THE INTRINSIC VALUE OF A HEALTHY SEXUAL RELATIONSHIP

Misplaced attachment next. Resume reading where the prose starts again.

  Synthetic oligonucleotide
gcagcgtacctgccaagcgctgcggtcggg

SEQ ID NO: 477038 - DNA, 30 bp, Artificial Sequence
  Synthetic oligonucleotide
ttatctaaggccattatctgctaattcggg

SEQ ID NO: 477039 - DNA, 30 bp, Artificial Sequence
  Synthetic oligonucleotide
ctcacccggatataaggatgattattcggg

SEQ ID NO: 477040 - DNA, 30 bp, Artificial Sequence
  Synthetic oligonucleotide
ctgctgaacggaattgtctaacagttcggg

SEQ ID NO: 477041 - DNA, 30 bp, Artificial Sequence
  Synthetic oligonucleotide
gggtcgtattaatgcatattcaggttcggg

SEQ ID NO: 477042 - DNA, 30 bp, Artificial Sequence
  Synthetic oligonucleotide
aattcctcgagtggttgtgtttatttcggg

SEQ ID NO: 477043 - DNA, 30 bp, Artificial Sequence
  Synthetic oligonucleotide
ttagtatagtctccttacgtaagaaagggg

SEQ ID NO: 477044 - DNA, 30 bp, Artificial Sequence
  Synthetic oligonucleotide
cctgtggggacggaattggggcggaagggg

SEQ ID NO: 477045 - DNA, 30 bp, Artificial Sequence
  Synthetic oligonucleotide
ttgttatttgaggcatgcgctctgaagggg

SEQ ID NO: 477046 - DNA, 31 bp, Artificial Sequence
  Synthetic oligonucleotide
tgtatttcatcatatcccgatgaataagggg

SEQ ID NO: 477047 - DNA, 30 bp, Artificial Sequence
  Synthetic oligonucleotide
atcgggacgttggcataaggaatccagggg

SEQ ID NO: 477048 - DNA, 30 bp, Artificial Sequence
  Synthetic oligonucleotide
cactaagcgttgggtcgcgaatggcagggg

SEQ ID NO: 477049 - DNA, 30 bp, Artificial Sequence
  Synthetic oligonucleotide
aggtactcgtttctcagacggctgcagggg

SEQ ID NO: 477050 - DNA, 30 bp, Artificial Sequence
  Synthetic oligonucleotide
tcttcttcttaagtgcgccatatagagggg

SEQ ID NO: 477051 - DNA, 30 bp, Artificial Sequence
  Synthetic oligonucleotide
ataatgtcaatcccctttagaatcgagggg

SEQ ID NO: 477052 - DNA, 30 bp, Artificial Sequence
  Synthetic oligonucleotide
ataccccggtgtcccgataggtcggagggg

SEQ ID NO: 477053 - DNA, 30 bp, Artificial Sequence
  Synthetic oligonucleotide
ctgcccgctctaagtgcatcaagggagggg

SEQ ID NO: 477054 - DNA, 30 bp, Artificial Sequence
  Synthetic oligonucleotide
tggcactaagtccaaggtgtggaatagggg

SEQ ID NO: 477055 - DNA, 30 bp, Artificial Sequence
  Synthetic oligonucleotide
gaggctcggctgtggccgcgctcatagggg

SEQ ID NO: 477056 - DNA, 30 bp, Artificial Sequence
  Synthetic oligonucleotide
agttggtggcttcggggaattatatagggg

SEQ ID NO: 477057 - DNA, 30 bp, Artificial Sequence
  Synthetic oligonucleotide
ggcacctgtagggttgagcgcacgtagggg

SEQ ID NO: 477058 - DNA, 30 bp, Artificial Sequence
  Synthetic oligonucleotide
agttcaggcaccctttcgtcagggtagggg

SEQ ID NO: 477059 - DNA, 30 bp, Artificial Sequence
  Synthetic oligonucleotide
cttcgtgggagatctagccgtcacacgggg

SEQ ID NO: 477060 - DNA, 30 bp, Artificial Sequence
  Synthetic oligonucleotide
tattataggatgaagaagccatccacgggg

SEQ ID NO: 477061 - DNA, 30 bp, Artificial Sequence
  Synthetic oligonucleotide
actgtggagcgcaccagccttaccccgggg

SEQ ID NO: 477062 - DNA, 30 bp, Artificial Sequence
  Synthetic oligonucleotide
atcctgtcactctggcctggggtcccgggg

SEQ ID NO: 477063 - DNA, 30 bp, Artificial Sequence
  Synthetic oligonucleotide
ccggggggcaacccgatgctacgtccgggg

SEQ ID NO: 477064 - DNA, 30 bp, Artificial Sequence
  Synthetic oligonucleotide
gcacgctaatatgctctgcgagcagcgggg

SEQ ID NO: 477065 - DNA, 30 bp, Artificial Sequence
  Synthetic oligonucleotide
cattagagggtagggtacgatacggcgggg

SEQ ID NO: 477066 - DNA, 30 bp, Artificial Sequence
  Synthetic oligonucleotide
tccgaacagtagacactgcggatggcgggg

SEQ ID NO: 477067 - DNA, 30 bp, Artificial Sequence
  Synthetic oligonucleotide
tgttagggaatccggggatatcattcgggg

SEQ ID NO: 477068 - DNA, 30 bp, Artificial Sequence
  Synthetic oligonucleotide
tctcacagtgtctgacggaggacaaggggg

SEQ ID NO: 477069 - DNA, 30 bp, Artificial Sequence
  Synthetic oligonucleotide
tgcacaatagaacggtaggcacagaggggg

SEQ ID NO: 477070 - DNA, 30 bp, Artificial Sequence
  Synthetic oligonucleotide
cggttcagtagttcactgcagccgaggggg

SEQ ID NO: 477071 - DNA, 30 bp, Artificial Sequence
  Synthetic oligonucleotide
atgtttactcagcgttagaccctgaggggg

Sex is one of the most talked about and least talked about subjects in the world. Studies confirm what happy couples already know; there is intrinsic value in a healthy sexual relationship. When couples are attuned to each others’ sexual needs, they behave romantically toward one another and develop a very loving and respectful relationship. But this is not a new idea. The time-honored wedding vows have always explicitly acknowledged that sex is a benefit, a responsibility, and an obligation associated with marriage. What are the secrets of a good sexual relationship in marriage? Here are a few thoughts on the matter. • Keep your sex life healthy. Research demonstrates a strong connection between sexual intimacy and satisfaction in marriage. Yet many couples describe an unfortunate decline in sexual interest following marriage. Reasons for declining interest run the gamut from exhaustion to marital conflict, childbearing, interruptions by children, erectile dysfunction, lack of interest, illness, etc. However there is no good excuse for not communicating about sexual intimacy and affection in your marriage. If you and your spouse are not communicating about sex, watch out! Without it, changing expectations and needs will go unmet, rendering the relationship vulnerable to intruders. The “instruction booklet” on marriage emphatically states that satisfaction with intimacy and sexual pleasure are essential, but not sufficient ingredients for a happy marriage. This means that while sexual love is essential, it is not automatic. A fulfilling sex life must be actively pursued and yes, it must be scheduled like a date. • The problem of bait and switch. Most couples describe their sexual attraction prior to marriage. Not surprising, sexual passion is usually one of the great selling points of a relationship. While dating, most partners are passionate, romantic and attentive to each other. They tend to be good listeners, they solve problems together, and they are excellent companions. In other words, they do all the right things on the road to falling in love. After marriage, however, many spouses begin to take that same relationship for granted. They may intentionally ignore or avoid each others’ sexual advances. But rest assured that even when couples talk less, their behavior speaks volumes if their playfulness and common interests are replaced by demands, criticism, and interpersonal rejection. • Marriage is an everyday affair. Before marriage, couples work hard to understand each other. We inform each other when our feelings are hurt. We express our likes and dislikes but try to remain open to new ideas. We monitor our combativeness, our tone of voice, and our attitudes as we work toward becoming a functional couple. Once married, however, it is easy to forget that we are working as teammates on joint goals and shared interests. The marital relationship is designed to reduce stress by increasing interpersonal support. As a couple, we are building a home together using our own creativity and designs for comfort,...

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